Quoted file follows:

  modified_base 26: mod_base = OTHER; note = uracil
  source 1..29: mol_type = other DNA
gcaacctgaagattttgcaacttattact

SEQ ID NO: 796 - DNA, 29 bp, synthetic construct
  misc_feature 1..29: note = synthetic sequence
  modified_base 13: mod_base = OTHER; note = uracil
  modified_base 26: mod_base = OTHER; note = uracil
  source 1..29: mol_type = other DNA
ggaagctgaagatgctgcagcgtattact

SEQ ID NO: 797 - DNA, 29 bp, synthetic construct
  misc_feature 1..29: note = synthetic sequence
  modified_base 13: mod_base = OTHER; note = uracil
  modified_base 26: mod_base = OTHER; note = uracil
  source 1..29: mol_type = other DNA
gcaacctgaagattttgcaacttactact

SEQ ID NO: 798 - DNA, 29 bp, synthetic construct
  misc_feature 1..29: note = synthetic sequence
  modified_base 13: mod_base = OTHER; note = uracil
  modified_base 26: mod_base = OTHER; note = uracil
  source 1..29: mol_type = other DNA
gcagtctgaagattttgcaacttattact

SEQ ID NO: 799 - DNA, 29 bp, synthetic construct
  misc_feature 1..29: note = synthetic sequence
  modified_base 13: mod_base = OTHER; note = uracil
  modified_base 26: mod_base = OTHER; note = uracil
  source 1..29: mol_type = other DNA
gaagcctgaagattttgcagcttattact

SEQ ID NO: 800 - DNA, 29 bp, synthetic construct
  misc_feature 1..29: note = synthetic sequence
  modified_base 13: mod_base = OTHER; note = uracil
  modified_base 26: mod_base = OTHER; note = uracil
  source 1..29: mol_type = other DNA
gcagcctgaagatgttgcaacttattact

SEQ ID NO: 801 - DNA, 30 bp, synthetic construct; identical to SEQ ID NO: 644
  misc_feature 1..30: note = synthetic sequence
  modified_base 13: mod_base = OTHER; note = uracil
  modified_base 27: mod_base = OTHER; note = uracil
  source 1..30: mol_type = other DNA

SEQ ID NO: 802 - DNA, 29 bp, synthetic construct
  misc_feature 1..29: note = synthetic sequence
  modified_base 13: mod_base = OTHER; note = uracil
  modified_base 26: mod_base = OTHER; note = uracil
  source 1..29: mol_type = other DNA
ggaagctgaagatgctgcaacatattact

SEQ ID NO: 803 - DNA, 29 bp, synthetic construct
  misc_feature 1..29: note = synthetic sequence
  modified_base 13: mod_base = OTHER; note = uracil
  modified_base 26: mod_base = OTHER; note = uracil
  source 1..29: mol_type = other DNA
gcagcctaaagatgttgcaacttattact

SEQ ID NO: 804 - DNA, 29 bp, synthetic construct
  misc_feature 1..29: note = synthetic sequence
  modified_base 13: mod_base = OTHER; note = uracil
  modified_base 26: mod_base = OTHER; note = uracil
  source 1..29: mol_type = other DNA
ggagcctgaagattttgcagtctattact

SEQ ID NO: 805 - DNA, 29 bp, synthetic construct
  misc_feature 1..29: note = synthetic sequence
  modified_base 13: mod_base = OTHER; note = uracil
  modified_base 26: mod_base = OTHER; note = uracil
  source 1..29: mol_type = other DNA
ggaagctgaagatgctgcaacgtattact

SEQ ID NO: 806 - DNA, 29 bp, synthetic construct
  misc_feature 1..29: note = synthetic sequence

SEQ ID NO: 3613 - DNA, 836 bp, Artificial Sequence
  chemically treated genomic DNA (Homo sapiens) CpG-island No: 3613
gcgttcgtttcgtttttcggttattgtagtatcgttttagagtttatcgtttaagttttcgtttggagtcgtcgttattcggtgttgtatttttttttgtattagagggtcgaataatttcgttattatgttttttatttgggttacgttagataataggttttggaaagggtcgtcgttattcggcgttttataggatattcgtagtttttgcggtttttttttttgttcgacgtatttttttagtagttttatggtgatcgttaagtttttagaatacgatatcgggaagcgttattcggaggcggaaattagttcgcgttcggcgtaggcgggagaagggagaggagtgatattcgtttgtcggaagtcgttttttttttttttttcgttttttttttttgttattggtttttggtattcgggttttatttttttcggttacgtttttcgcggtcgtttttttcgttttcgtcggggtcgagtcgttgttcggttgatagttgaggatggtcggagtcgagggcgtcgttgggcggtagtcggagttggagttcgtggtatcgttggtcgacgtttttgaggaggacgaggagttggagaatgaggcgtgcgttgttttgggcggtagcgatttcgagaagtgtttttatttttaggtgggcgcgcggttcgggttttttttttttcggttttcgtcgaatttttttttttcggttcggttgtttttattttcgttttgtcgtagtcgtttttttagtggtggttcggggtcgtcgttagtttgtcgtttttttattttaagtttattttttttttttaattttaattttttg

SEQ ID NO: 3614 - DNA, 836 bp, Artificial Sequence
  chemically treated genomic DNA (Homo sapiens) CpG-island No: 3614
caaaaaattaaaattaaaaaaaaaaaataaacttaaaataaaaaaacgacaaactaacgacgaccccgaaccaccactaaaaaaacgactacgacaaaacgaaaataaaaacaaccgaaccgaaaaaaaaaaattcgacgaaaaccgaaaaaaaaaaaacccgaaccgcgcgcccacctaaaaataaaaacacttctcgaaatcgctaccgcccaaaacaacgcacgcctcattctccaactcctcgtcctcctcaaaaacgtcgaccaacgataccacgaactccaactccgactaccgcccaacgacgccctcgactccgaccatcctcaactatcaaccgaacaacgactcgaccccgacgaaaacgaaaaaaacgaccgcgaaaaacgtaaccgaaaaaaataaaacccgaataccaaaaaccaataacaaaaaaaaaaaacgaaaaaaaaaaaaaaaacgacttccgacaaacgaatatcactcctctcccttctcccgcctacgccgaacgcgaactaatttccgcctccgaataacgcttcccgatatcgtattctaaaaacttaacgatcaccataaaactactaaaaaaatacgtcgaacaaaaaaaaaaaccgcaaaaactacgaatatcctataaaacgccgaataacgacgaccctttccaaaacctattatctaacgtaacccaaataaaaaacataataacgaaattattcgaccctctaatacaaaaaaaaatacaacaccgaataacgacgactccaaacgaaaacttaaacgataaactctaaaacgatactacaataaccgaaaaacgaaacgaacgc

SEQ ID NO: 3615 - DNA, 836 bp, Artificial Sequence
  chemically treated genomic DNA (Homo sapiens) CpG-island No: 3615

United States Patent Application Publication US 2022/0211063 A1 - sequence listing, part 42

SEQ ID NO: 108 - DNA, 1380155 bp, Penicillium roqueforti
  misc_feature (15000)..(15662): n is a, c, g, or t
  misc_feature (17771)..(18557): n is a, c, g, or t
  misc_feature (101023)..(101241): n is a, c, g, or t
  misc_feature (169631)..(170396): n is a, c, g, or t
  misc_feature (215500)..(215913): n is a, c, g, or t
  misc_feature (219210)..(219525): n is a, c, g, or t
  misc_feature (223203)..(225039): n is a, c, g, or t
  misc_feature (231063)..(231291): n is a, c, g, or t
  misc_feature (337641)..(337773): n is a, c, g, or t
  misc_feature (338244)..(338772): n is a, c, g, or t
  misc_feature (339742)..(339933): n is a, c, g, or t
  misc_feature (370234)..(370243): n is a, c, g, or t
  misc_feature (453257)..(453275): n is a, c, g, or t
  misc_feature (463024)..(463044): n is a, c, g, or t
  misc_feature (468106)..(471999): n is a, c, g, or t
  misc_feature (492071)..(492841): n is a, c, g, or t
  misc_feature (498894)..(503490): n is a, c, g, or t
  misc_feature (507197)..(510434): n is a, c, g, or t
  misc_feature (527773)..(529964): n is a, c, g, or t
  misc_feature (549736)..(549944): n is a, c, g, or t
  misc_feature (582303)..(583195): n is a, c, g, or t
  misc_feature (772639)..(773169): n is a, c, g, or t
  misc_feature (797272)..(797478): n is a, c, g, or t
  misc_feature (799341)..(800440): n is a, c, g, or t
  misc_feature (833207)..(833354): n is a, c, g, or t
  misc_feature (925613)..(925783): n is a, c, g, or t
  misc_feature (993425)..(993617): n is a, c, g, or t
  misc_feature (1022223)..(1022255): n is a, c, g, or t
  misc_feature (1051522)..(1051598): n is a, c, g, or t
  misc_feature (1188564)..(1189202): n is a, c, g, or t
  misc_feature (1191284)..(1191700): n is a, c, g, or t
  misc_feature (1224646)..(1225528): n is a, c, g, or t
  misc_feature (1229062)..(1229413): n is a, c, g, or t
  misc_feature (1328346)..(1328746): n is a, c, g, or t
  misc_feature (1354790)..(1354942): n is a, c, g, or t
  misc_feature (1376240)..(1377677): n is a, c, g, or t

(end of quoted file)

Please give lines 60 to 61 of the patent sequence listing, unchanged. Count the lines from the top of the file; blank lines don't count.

  modified_base 26: mod_base = OTHER; note = uracil
  source 1..29: mol_type = other DNA